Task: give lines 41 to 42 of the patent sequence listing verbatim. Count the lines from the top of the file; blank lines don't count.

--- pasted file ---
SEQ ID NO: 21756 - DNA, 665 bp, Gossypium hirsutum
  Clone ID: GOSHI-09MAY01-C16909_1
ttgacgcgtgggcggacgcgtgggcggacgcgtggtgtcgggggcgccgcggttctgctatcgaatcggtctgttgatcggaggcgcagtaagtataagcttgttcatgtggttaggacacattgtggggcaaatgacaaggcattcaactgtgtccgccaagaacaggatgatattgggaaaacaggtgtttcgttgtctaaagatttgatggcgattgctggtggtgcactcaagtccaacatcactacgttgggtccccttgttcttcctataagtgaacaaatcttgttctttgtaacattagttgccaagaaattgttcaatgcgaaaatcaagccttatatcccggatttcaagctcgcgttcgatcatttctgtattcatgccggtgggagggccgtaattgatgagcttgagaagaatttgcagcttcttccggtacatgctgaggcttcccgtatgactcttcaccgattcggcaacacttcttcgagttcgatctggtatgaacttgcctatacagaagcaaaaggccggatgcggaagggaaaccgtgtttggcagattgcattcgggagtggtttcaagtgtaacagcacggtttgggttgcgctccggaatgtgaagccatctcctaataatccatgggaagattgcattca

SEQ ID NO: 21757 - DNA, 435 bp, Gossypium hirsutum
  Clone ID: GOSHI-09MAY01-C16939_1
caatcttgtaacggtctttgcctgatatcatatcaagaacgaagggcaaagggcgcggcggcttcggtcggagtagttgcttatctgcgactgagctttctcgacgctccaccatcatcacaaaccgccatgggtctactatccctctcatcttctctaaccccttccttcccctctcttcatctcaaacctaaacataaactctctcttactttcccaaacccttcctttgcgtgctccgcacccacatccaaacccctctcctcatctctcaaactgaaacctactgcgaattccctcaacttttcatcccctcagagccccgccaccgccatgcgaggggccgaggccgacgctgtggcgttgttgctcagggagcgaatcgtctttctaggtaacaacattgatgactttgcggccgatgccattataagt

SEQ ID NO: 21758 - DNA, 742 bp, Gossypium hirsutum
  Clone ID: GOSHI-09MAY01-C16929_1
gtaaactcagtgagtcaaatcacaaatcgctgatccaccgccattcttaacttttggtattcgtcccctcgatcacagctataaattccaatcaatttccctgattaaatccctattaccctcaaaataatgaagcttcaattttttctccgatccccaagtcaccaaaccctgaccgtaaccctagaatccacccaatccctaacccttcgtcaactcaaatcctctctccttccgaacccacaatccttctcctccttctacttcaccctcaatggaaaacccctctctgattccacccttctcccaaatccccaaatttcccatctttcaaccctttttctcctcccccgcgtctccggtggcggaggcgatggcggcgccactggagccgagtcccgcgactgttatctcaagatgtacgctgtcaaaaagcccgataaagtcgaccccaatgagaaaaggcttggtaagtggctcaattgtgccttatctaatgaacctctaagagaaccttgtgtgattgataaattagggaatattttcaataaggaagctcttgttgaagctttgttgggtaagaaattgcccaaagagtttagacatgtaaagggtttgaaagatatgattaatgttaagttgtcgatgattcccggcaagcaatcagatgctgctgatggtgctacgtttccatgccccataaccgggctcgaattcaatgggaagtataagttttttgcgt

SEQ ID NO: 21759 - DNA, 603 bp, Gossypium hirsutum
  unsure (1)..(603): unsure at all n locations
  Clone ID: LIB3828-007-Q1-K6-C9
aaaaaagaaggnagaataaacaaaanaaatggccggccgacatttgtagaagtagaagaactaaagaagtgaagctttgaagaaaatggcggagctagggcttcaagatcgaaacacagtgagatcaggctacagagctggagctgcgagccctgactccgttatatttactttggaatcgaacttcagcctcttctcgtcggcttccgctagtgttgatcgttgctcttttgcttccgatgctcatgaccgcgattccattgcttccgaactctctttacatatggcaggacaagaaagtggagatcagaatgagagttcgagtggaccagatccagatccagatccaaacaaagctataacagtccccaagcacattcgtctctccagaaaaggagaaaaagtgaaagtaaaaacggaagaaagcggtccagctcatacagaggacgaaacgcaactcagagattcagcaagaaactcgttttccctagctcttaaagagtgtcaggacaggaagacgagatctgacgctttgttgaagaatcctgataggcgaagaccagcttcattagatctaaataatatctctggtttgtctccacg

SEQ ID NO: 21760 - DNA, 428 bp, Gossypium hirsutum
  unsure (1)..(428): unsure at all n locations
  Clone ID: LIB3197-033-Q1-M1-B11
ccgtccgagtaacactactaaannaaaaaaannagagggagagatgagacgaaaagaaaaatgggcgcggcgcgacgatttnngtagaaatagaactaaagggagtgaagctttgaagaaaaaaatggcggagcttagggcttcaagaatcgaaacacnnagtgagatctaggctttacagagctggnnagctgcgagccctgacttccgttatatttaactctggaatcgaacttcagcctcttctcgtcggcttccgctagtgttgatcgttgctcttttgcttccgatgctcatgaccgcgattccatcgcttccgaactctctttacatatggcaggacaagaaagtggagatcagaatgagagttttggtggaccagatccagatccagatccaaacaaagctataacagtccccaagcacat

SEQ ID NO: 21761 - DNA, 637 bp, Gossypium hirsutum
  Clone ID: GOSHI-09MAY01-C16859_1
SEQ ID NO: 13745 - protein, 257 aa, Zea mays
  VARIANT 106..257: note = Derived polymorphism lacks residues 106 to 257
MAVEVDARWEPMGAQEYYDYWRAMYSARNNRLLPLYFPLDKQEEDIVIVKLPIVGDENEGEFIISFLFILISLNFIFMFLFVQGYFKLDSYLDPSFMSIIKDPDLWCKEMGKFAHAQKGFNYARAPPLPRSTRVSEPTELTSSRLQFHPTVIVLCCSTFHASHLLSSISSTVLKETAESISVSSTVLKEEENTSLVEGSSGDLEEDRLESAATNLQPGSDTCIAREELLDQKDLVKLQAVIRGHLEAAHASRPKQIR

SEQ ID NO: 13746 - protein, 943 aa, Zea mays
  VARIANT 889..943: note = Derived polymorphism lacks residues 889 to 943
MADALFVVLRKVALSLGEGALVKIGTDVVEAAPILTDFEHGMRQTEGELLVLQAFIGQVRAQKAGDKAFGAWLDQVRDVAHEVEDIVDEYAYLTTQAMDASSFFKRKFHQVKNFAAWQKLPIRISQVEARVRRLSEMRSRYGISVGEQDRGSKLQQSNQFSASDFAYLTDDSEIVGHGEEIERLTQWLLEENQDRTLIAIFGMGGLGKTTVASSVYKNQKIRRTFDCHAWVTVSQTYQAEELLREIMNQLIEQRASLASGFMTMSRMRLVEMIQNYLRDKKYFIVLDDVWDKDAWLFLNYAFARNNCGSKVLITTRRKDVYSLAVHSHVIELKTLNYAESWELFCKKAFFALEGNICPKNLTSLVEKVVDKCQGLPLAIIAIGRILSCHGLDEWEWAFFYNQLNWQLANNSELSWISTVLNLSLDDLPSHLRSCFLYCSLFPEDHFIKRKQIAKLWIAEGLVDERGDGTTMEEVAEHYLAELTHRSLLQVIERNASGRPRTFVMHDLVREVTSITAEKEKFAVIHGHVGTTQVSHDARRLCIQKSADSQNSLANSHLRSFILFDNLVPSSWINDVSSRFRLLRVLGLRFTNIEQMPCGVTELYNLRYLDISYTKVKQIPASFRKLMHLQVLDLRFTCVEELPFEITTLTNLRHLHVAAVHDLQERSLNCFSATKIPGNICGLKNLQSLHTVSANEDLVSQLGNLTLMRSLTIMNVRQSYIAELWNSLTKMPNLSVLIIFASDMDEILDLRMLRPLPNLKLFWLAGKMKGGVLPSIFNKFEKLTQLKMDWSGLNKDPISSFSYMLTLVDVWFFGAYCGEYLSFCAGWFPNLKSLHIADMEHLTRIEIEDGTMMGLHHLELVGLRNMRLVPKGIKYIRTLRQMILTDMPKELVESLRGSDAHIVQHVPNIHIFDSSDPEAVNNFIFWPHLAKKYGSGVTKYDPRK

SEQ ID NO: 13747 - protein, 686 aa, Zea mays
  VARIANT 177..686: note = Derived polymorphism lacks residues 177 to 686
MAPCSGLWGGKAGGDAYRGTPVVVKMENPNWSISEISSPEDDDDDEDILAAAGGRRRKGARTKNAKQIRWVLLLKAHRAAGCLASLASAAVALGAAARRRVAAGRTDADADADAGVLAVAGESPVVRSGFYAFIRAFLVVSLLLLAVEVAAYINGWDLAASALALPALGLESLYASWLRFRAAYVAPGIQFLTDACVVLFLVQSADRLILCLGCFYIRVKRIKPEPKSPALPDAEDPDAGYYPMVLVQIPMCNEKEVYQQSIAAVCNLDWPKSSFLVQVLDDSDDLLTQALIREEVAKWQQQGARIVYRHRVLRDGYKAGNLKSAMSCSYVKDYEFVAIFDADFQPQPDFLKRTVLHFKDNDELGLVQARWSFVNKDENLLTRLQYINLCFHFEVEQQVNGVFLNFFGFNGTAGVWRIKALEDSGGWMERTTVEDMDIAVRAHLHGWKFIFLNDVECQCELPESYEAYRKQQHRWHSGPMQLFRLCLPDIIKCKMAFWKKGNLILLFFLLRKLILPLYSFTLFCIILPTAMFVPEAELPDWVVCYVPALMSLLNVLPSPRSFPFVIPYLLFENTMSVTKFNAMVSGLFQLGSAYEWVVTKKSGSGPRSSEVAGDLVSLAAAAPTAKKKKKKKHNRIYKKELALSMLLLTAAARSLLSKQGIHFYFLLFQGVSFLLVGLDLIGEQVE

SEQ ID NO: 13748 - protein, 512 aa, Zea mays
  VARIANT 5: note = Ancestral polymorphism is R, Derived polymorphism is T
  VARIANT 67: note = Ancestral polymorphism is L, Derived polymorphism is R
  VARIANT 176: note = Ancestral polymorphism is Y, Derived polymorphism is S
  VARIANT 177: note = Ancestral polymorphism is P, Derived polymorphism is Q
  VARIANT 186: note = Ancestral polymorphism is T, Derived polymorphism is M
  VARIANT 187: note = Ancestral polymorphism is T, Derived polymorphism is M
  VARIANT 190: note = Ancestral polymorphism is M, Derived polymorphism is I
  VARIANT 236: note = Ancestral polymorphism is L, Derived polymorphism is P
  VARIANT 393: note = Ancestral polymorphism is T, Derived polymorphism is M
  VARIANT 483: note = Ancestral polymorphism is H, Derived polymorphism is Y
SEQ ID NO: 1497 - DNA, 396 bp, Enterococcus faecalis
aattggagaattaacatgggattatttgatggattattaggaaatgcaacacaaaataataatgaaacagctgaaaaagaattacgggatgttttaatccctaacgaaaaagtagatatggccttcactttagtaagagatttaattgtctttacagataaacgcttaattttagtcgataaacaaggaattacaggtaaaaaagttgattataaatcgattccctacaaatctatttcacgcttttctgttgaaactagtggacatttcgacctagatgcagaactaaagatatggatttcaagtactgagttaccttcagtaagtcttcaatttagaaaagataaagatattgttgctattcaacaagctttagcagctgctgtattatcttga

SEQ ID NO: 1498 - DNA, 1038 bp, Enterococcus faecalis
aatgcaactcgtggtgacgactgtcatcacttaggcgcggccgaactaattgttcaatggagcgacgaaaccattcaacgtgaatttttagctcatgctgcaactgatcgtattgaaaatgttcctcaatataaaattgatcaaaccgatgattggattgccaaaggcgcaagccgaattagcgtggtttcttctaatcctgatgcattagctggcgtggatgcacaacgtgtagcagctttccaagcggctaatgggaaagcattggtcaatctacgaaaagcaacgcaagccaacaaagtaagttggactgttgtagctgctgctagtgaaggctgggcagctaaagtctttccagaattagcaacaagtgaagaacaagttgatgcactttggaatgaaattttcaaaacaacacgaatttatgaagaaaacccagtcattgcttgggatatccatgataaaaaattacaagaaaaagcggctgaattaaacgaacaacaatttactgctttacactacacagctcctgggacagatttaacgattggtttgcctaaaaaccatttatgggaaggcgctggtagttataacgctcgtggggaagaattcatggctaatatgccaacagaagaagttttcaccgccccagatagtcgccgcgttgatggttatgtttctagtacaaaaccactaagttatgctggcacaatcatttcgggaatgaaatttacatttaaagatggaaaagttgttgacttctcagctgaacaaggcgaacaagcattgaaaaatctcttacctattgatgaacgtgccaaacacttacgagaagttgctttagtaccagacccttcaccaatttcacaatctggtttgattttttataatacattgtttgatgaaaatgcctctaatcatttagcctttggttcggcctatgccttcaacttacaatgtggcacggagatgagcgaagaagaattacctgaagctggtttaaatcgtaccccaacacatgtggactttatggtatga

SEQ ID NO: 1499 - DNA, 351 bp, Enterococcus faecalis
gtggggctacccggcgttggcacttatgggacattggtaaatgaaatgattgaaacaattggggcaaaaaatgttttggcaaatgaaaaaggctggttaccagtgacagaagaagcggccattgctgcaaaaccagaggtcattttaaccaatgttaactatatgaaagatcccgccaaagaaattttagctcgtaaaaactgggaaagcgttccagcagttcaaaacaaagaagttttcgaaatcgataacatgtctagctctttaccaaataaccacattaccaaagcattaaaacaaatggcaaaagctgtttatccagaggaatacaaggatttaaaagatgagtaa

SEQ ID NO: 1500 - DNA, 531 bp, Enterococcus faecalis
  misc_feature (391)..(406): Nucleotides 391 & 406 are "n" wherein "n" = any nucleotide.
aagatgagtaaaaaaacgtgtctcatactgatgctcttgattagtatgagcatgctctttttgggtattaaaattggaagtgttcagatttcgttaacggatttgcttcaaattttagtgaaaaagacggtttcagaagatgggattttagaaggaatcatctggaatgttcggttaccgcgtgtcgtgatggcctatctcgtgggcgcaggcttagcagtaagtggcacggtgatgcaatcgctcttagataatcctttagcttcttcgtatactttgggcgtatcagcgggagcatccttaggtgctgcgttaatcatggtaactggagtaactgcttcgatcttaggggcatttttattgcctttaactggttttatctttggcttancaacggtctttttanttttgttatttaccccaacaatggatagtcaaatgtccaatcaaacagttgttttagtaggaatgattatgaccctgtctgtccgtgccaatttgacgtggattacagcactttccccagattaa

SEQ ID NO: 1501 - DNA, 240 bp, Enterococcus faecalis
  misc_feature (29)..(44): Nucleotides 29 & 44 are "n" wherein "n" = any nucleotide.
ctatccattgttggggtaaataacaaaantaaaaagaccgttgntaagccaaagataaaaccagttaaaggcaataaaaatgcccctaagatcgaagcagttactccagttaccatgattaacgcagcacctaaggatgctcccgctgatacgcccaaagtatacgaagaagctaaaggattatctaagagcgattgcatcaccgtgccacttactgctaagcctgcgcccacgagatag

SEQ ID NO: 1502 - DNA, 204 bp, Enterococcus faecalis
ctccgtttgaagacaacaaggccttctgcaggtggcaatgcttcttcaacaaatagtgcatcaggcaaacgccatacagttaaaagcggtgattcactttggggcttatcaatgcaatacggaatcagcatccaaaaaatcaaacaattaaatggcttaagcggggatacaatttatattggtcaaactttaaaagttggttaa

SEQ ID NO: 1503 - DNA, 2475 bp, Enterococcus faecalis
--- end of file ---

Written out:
aattggagaattaacatgggattatttgatggattattaggaaatgcaacacaaaataataatgaaacagctgaaaaagaattacgggatgttttaatccctaacgaaaaagtagatatggccttcactttagtaagagatttaattgtctttacagataaacgcttaattttagtcgataaacaaggaattacaggtaaaaaagttgattataaatcgattccctacaaatctatttcacgcttttctgttgaaactagtggacatttcgacctagatgcagaactaaagatatggatttcaagtactgagttaccttcagtaagtcttcaatttagaaaagataaagatattgttgctattcaacaagctttagcagctgctgtattatcttga

SEQ ID NO: 1498 - DNA, 1038 bp, Enterococcus faecalis